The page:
Days after China began to enforce a sweeping national security law over Hong Kong, several governments moved to offer the territory’s residents an opportunity to resettle abroad as they grapple with the new reality of a city fundamentally transformed by the legislation.
Britain, Australia and Taiwan are among those that have proposed special measures that would absorb Hongkongers as refugees. The immigration proposals remain tentative in some cases, but they are already opening a fresh rift with Beijing, which has lashed out at the prospect of other jurisdictions helping Hong Kong citizens to flee.
What is the National Security Law?
The security law targets secession, subversion, terrorism and collusion with foreign forces with punishments up to life in prison. This gives Beijing more policing authority over the semi-autonomous territory.
Officials say “spreading hatred towards the police” are punishable offences and experts express concern that the law can also have a chilling effect on political activists, education and the media.
Over 300 people have already been arrested and books written by activists have been removed from curriculum and libraries under the new law.
Prime Minister Boris Johnson says the new law “violates Hong Kong’s high degree of autonomy”
The PM said Hong Kong’s freedoms were being violated by the new security law and those affected would be offered a “route” out of the former UK colony.
About 350,000 UK passport holders, and 2.6 million others eligible, will be able to come to the UK for five years, and after a further year, be able to apply for citizenship.
British National Overseas Passport holders in Hong Kong were granted special status in the 1980s but currently have restricted rights and are only entitled to visa-free access to the UK for six months.
Australian Prime Minister Scott Morrison announced that the country has suspended its extradition treaty with Hong Kong following the enactment of the National Security Law by China.
Australia will also extend visas by five years for skilled and graduate visa holders from Hong Kong, with a pathway to permanent residency at the end of those five years, Morrison said.
The prime minister also announced new incentives to attract Hong Kong businesses to relocate to Australia and offered opportunities for resettlement under the humanitarian program. Canada also suspended its extradition treaty with Hong Kong last week.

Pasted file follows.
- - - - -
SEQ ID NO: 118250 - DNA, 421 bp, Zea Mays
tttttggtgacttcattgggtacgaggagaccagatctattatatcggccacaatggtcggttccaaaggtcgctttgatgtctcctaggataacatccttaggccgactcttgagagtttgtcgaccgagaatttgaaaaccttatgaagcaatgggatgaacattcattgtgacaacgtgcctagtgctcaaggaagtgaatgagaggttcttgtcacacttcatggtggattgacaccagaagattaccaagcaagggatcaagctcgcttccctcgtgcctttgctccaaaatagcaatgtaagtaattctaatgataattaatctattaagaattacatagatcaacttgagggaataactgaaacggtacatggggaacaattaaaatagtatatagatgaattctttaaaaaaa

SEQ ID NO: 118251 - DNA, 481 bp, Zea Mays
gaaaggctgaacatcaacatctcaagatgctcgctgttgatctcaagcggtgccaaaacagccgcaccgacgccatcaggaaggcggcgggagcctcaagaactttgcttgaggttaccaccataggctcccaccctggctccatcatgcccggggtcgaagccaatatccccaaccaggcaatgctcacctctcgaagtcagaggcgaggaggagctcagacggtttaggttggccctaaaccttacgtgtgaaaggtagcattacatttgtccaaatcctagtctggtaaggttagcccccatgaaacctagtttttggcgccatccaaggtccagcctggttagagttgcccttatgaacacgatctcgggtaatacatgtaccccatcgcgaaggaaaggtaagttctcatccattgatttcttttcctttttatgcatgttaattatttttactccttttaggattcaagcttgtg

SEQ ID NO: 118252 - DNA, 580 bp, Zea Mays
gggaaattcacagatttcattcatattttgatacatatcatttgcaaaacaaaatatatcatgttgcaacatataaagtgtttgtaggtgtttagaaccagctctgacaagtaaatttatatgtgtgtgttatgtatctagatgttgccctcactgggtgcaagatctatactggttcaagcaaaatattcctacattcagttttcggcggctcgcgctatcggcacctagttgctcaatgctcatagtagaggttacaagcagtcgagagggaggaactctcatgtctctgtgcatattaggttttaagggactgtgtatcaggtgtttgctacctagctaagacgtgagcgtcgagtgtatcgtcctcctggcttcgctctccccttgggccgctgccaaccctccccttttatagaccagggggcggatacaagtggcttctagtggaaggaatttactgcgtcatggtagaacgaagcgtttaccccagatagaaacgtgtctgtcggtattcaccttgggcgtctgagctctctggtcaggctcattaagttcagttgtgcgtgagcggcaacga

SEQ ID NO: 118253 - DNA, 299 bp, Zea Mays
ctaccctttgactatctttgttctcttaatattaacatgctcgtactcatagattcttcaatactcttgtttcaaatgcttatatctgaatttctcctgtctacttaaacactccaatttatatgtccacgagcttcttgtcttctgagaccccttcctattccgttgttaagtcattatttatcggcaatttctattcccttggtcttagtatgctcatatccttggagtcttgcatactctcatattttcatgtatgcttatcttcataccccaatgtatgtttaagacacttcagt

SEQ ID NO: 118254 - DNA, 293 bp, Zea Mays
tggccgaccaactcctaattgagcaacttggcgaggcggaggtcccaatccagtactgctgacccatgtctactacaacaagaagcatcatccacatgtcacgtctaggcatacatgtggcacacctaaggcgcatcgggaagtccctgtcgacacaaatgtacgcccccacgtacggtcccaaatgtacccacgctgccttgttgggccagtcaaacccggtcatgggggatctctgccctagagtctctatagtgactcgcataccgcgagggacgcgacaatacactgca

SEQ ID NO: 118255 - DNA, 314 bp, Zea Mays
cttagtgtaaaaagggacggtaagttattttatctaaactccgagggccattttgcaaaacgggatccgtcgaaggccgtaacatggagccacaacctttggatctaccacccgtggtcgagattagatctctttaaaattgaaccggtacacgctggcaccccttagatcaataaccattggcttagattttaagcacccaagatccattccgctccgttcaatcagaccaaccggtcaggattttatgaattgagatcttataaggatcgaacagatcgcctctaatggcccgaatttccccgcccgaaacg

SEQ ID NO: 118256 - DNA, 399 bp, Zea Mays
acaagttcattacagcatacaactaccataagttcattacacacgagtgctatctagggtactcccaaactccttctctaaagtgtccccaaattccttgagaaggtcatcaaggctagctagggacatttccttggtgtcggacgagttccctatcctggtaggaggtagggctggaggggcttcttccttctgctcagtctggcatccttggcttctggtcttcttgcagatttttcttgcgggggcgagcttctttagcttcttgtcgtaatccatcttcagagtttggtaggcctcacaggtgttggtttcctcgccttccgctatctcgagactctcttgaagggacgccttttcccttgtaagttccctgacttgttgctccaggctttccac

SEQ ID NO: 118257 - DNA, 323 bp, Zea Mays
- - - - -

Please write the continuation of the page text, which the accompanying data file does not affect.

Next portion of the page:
The Labour opposition also called on the government to support the 17,000 Hongkongers currently in Australia on temporary visas, saying no one should be forced to return to Hong Kong when their visas expired if they did not want to go back.
Taiwan has become a refuge for a small but growing number of pro-democracy protesters fleeing Hong Kong, which have convulsed since last year by protests.
During a press conference on Thursday, Deputy Minister of the Mainland Affairs Council (MAC), Chiu Chui-cheng, said that the Taiwan-Hong Kong Services and Exchanges Office received more than 180 phone calls and emails from Hongkongers based in Taiwan and those still living in Hong Kong.
Many sought assistance under Article 18 of the MAC’s Laws and Regulations Regarding Hong Kong & Macao Affairs, said Mr Chui, which states that “Necessary assistance shall be provided to Hong Kong or Macau residents whose safety and liberty are immediately threatened for political reasons.”
When asked if Taiwan is considering shutting down the Taipei Economic and Cultural Office in Hong Kong, he said that it was currently operating normally.
“We will not take the initiative to withdraw the office unless there are additional factors,” Mr Chiu stressed. “We will stay until the end to ensure the safety of the Taiwanese people in Hong Kong and safeguard the rights and interests of Hong Kong people to the last minute, last second.”
Backlash from China
China has warned countries not to interfere with Hong Kong following the imposition of the security law.
Ambassador Liu Xiaoming said that the UK’s offer of a path to citizenship for up to three million Hongkongers amounted to “gross interference” and that he hoped that the UK reconsiders its citizenship offer.
Mr Liu also warned the UK that if it decided against using Chinese tech giant Huawei’s technology to build its nationwide 5G infrastructure, it would send a “very bad message to other Chinese businesses”.
A ‘Plan B’
At a time where political asylum causes friction between governments, many high net worth individuals are choosing to resort to Citizenship by Investment (CBI) Programmes instead.
CS Global Partners’ director Paul Singh said that “a Plan B like CBI is well worth the investment” as it offers “a safe and secure future”.
There are five Caribbean countries offering citizenship through investment programmes, namely Antigua & Barbuda, Dominica, Grenada, St Kitts and Nevis and St Lucia.
Well vetted applicants can donate to a government fund or invest in real estate options and receive second citizenship in return. Second citizenship in the Caribbean can offer visa-free travel to global business hubs including access to the EU Schengen zone with the ability to pass the citizenship on to kin.